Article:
An objective study of the work of Native american sculptor Jimmie Durham

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An objective study of the work of native american sculptor jimmie durham

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Jimmie Durham was born in 1940 in Arkansas to a Cherokee family. There is not much documentation done on his childhood. Durham had his first solo exhibition in at the University of Texas, Austin in 1966. From 1968 to 1972 he studied for a degree in sculpture in Geneva at the Ecole des Beaux. He returned to the United States in 1973 to join the American Indian Movement as a political organizer. Over the same period he also served as a director of the International Indian Treaty council and Representative of the United Nations (Lippard 1993).

In the late seventies and early eighties, Durham who is also a poet and essayist focused his energy on writing and in 1983 West End Press published a volume of his poems titled ‘Columbus Day’. Between 1981 and 1982 he was the director of the foundation for the community of artists in New York. For a time, he lived in Cuernavaca, Mexico. He is now settled in Berlin, Germany (Lippard 1993).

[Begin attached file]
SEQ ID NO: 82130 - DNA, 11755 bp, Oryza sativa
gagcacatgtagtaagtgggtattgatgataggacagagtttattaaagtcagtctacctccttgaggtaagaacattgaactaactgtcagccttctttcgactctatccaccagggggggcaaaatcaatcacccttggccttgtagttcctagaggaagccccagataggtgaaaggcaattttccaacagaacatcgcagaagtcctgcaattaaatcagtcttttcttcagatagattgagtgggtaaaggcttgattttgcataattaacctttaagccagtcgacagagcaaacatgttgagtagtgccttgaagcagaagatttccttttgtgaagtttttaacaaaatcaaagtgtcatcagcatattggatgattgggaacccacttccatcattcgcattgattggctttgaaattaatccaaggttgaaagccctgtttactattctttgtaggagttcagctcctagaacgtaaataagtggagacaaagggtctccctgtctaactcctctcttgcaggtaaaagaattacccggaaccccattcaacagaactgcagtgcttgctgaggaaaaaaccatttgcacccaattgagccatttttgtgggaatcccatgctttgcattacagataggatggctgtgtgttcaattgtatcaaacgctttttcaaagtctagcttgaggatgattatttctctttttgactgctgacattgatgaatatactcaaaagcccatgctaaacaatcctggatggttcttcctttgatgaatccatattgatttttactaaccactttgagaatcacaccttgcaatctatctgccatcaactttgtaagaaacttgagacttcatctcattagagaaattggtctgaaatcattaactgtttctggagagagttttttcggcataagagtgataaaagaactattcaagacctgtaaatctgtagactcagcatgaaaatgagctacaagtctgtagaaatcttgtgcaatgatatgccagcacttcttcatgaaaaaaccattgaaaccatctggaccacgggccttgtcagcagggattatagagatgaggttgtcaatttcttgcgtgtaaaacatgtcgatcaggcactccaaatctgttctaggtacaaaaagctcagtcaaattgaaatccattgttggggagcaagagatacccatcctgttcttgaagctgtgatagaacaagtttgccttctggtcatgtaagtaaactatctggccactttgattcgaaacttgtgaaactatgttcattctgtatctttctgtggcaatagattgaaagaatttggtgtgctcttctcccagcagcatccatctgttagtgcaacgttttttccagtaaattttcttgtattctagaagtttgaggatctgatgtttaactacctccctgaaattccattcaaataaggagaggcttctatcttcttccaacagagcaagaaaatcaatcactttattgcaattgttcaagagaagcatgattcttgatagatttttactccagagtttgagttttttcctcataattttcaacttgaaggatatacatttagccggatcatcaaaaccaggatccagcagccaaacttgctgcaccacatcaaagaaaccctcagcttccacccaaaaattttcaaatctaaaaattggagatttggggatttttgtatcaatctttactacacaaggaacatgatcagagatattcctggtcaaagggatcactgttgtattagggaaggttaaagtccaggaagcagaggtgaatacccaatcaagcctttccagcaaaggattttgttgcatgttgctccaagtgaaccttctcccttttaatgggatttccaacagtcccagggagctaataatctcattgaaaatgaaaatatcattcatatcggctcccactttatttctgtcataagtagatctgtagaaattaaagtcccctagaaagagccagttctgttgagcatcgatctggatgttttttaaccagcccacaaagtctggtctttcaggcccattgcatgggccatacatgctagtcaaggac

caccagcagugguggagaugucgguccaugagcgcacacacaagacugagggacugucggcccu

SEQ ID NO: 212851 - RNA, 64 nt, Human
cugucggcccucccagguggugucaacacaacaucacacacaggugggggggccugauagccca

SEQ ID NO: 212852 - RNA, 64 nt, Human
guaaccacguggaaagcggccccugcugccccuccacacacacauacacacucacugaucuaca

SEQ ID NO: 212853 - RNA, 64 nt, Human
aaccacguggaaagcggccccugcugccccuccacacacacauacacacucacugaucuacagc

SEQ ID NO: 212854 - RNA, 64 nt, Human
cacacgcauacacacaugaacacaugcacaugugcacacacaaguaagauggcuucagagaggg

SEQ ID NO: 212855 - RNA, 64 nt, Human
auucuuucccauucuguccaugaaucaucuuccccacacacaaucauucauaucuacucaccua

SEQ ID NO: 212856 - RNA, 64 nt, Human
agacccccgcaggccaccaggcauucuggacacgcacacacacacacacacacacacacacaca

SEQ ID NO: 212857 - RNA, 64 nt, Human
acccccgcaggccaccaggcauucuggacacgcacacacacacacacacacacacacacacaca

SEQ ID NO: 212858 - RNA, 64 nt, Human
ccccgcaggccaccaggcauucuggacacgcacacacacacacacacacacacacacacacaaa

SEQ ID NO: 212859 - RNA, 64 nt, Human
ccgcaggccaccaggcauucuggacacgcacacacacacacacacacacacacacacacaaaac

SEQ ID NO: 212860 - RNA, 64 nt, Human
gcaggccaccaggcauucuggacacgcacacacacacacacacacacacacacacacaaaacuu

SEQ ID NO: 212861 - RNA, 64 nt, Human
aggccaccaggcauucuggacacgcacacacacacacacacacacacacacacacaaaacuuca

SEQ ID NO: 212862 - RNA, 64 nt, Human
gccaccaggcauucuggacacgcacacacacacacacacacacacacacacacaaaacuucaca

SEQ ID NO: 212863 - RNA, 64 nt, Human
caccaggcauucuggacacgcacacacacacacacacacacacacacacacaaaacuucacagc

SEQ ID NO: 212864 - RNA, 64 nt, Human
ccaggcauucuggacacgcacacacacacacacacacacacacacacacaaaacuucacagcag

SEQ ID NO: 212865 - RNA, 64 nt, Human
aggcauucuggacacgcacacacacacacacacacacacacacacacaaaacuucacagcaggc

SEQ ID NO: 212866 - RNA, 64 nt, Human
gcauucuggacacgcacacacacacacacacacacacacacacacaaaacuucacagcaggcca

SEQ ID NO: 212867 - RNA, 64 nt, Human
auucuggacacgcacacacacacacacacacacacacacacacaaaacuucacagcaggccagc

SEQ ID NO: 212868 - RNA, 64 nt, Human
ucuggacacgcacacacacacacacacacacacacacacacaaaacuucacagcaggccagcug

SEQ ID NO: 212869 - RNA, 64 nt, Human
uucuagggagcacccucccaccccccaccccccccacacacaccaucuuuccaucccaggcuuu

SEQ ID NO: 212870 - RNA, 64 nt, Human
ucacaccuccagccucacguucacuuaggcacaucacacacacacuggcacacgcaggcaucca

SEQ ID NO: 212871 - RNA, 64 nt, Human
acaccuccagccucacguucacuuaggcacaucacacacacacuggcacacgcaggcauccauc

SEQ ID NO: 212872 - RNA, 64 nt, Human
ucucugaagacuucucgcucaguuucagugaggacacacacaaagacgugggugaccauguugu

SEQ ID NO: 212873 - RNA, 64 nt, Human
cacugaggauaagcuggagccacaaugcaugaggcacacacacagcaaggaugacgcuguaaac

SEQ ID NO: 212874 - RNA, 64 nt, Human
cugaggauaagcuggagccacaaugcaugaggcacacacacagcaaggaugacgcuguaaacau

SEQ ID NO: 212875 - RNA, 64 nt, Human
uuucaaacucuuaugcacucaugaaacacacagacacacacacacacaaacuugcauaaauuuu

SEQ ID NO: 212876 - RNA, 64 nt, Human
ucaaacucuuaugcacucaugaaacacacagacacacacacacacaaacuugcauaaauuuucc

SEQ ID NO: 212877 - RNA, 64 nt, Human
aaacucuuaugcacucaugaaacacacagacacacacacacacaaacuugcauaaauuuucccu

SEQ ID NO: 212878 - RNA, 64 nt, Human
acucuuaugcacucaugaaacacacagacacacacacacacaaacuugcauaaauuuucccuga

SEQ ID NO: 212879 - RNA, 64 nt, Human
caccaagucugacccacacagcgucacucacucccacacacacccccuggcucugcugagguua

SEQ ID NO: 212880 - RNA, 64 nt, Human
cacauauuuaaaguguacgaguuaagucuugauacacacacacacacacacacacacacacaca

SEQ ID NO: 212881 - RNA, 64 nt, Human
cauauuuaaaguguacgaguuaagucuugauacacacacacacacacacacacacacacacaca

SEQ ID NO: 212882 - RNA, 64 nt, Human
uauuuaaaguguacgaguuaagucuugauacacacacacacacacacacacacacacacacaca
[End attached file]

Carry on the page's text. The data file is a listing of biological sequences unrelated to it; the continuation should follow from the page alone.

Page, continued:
Durham has had several exhibitions throughout his career as an artist. He has had an exhibition at the Whitney Biennial in new York, the Documenta IX, the ICA in London,  the museum of Contemporary Art in Antwerp and the Palais des Beaux-Arts in Brussels.

Durham’s application of media is greatly versatile. He manipulates whatever material he gets his hands on to convey, clearly the message he wants to put across. He has used glass, stone, tree branches, mirrors, old car parts, laminate flooring, and PVC among other things (Lippard 1993).

His work can be roughly classified into five categories that run into each other. There are the animal skulls that are symbolic of the past, and then there are his works that at first glance look like a random assembly of everyday things such as PVC, broken glass, clothe and even a toothbrush which have captions on them that annotate the every day life of American Indians. These are usually a satirical protest of how Indians are viewed as easy prey for historic displays (Lippard 1993).

The third aspect of his work closely interlinked with the former, featuring inscriptions that relate the work on display, even though the two might be in conflict. The fourth category of Durham’s work is his almost abstract sculptures. The last category is his impermanent indoor or outdoor installations which tend to blur into his writings.